IMPORTED Australian 90CL grinding beef continued its solid price resurgence in the US last week, breaking back through A700c/kg for the first times since October.
Prices have now lifted 15 percent in A$ terms since their May low-point. Cureency value has had a lot to do with it, with the A$ this morning trading at US73.54c, close to another six year low.
“Prices for product outside of the 7:45 day delivery period are substantially higher than our current quotes as sellers are including hefty risk premiums for forward deliveries,” Steiner reports in its most recent weekly summary.
“Still, the prices quoted for forward delivery remain well below domestic lean beef prices and they present a good alternative for some end users looking to hedge their exposure to fall markets,” the report said.
Normally US domestic lean beef prices are lower in the northern hemisphere autumn, as cull cow slaughter increases while demand is somewhat weaker. But even as US fed cattle futures have drifted lower in the last couple of weeks, it is far from certain that the lower cattle prices (vs. last year) will materialise, Steiner says.
Cull cow supplies will remain tight as US producers rebuild their herds, and fed slaughter will remain limited given very small placements this past spring.
For traders/overseas packers looking to offer meat out front, the risk is twofold, Steiner suggests:
- First, whether domestic cattle slaughter will be sufficient to fill orders and if so what price packers will have to pay in order to secure suppliers
- Second, whether there will be quota available in order to clear the beef this year.
Bigger Australian processors could benefit
Once Australian packers have shipped 85pc of this year’s available quota to the US market, Australian authorities will then distribute the remainder of the TRQ for 2015 based on historical trade with the US. Larger packers that normally ship beef to the US will likely get the majority of this quota and will fill orders accordingly.
Smaller exporters may find they will be shut-out of the market once the 85pc threshold is reached.
By July 16, Australia had used 71pc of its US country-specific beef quota or 296,405 tonnes, leaving 121,809 tonnes in exporter accounts for the remainder of the 2015 quota year. While rate of slaughter has fallen slightly over recent weeks, shipments to the US have continued at elevated levels suggesting some have taken the decision to make the most of the first-come, first-served arrangement while it is in operation.
At a conservative pace of around 9500t/month, the 85pc threshold may be reached sometime in early September, Steiner suggests. This complicates late September, October and November shipments and the overall volume will be substantially lower, likely at around 5500t/week.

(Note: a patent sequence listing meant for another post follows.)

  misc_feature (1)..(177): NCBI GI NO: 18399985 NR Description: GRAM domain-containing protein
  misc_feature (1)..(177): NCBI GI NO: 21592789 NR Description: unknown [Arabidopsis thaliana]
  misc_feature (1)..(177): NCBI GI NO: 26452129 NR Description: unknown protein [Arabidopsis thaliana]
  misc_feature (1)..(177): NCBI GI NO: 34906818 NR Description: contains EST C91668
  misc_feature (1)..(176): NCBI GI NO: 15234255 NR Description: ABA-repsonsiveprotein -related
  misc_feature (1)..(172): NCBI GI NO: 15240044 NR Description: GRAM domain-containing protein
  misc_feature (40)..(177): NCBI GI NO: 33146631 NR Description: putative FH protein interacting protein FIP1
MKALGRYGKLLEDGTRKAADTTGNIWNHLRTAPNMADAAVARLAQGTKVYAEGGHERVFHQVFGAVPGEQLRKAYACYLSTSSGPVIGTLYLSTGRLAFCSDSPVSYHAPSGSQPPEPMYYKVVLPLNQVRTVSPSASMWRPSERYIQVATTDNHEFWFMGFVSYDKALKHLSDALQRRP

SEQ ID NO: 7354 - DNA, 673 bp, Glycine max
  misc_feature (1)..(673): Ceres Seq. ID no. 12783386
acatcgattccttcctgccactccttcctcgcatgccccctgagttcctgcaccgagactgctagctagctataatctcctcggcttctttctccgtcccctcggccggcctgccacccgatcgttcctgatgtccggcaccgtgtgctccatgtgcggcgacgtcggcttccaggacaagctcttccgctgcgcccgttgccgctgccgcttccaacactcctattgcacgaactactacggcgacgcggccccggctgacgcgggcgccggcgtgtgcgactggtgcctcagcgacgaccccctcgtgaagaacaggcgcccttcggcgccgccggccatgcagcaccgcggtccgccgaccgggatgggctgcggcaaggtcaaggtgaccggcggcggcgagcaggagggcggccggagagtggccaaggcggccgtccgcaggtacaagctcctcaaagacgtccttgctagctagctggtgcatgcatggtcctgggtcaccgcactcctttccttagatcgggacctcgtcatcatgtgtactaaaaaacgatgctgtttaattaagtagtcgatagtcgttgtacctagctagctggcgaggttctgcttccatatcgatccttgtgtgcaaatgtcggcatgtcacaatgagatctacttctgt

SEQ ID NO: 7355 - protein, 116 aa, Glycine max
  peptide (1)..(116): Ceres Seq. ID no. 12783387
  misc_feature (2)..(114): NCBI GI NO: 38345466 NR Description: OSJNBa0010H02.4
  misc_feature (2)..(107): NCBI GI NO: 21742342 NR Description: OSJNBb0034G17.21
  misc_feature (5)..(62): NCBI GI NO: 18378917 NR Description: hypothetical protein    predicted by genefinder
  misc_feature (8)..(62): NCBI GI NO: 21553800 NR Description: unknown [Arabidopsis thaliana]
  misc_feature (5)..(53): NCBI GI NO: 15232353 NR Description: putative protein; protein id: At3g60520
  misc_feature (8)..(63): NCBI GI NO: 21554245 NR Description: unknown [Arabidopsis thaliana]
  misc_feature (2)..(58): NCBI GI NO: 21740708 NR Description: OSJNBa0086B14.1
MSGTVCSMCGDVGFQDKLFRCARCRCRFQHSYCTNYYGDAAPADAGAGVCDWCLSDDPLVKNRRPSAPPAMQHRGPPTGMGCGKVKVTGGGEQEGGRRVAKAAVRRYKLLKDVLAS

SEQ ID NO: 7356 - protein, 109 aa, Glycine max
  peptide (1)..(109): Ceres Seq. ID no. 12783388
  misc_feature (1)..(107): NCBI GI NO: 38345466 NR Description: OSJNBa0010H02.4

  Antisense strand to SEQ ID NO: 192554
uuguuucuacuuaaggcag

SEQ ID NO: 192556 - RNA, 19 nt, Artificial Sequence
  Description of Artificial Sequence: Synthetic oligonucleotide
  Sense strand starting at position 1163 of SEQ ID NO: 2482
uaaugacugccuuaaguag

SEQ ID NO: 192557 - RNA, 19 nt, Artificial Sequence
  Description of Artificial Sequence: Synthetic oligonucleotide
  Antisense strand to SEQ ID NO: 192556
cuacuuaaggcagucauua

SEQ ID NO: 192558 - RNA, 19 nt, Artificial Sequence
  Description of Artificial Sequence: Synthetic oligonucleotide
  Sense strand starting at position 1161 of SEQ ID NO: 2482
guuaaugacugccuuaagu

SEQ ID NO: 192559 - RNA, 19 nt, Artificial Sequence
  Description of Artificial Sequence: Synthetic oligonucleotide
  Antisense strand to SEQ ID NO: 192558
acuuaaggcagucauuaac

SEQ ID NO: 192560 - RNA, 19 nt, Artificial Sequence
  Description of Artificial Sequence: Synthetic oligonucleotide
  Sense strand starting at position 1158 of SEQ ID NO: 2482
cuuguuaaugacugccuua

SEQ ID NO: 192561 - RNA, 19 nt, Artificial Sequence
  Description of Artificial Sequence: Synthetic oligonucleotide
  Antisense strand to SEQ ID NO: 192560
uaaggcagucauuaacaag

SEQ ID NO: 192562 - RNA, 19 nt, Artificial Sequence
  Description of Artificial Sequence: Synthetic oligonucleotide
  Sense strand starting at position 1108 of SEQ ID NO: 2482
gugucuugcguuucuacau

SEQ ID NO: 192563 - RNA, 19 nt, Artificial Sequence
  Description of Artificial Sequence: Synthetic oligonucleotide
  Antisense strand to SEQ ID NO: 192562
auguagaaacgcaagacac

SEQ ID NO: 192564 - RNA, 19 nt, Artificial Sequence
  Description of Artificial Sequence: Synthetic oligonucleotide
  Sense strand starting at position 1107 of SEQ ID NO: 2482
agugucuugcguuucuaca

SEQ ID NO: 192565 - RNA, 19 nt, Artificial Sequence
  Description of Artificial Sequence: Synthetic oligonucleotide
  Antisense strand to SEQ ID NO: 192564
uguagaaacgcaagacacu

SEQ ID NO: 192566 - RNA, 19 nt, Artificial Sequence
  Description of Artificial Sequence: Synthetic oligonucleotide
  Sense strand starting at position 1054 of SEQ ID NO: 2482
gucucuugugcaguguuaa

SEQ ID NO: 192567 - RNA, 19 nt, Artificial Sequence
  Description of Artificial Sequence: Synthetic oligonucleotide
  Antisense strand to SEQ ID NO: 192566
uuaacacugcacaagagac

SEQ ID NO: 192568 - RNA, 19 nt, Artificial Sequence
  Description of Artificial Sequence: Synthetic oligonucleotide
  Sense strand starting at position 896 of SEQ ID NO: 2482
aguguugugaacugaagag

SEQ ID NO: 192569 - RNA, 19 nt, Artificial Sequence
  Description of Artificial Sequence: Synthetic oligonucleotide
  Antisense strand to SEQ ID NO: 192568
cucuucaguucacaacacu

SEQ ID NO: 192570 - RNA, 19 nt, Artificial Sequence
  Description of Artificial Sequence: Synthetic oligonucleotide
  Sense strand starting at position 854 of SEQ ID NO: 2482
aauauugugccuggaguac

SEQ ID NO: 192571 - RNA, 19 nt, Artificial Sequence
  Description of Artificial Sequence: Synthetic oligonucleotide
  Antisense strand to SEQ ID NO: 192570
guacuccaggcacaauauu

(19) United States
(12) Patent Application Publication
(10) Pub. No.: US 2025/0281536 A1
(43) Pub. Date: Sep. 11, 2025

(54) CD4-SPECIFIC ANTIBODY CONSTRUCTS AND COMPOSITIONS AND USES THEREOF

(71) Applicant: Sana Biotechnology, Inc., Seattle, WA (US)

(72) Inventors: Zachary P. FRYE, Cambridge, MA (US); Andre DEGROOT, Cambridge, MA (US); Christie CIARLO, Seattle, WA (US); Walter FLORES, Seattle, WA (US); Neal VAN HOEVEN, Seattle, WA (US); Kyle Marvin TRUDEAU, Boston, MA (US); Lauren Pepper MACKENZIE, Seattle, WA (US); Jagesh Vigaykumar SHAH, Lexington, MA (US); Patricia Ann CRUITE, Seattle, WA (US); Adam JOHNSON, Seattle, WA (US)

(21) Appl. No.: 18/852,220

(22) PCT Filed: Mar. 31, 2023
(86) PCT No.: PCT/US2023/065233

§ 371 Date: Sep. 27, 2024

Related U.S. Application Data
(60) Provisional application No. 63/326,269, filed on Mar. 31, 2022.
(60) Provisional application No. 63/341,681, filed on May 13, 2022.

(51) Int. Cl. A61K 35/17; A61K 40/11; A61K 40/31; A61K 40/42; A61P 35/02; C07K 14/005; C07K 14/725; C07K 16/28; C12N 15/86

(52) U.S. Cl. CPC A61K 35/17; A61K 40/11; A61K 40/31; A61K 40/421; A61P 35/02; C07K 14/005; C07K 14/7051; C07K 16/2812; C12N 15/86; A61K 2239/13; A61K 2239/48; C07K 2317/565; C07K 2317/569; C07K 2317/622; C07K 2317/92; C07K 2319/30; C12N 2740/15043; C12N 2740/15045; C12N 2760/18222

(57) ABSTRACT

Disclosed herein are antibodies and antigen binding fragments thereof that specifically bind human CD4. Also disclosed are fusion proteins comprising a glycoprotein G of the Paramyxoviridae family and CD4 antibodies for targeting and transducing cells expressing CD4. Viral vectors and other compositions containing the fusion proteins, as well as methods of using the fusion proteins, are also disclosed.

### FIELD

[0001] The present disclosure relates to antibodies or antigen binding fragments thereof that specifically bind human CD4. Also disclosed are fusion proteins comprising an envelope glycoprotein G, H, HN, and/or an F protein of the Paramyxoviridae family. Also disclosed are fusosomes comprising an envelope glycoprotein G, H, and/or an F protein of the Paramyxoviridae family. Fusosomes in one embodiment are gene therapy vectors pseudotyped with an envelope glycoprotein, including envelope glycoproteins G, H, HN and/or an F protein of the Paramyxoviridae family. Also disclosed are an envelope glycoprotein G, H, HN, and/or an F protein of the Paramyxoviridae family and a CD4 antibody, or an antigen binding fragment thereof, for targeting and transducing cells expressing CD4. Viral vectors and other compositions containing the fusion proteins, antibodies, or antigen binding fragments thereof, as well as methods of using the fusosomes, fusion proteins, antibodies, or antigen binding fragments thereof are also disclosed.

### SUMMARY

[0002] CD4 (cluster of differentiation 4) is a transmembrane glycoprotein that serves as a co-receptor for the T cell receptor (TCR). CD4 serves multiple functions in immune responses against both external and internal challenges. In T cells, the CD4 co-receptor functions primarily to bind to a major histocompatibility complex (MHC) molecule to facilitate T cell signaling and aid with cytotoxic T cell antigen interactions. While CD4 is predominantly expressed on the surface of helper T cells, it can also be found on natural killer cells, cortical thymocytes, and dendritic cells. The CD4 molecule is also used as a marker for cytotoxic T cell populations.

“Again, there is plenty of uncertainty at this time but it is more likely than not that the pace of shipments to the US in the next few weeks will remain robust,” it said.
Here’s the reasons why.
Prices for imported beef in the US are moving up at a time when the A$ is getting cheaper. As a result, there is a very wide spread between the prices paid for Australian beef in the US and what Australian packers are getting in A$ terms.
The price of 90CL imported Australian beef, East Coast basis, currently is as high as US$2.40/lb, US Ex Dock (FOB). This is 22pc lower than the market peak last September. However, when adjusting for the exchange rate, the price of 90CL beef in A$ terms is down only 6pc from the peak.
This helps explain why packers in Australia continue to pay ever higher prices for cattle, even as cattle values are now 60pc higher than a year ago.
It also explains why Australia continues to export close to 10,000t of beef each week to the US.
US lean beef situation
The US beef cow herd is expected to show strong growth in 2015 thanks to strong calf prices and, even more importantly, excellent pasture conditions and declining feed costs.
While at the start of the year the assumption was that producers would seek to rebuild their herds given the strong incentives in the market, much of that was dependent on the ability to keep retained heifers in the herd.
Too often in the past US producers would retain heifers only to sell them off later due to the lack of available feed. But this year so far has been a continuation of what was seen last year – ample grass supplies and a strong push to retain females rather than send them to the feedlot.
The latest USDA crop progress report showed that 65pc of pastures were in good/excellent condition – a 10 point improvement from the previous year and 20 points better than the 10-year average.
In 2012, when drought in the US Southern Plains forced producers to liquidate a lot of productive cows, the national pasture good/excellent rating was a mere 19pc, 46 points lower than today.
Conditions in Texas and Oklahoma, which in recent years have been greatly affected by drought, show a dramatic improvement.
With plentiful grass, and some of the best calf prices on record, there is little surprise that US cow-calf operators are holding on to every cow and heifer they can.
Cattle slaughter is lower compared to a year ago and dramatically lower than what it was in 2012 and 2013 – this has been largely due to fewer females in the mix (herd rebuilding/herd preservation) and to a lesser extent because of a smaller calf crop overall.
Steiner suggests the implication are that US feedlot placements are expected to be low through the northern hemisphere summer, which will continue to limit the supply of domestic US cattle coming to market later this year and in early 2016.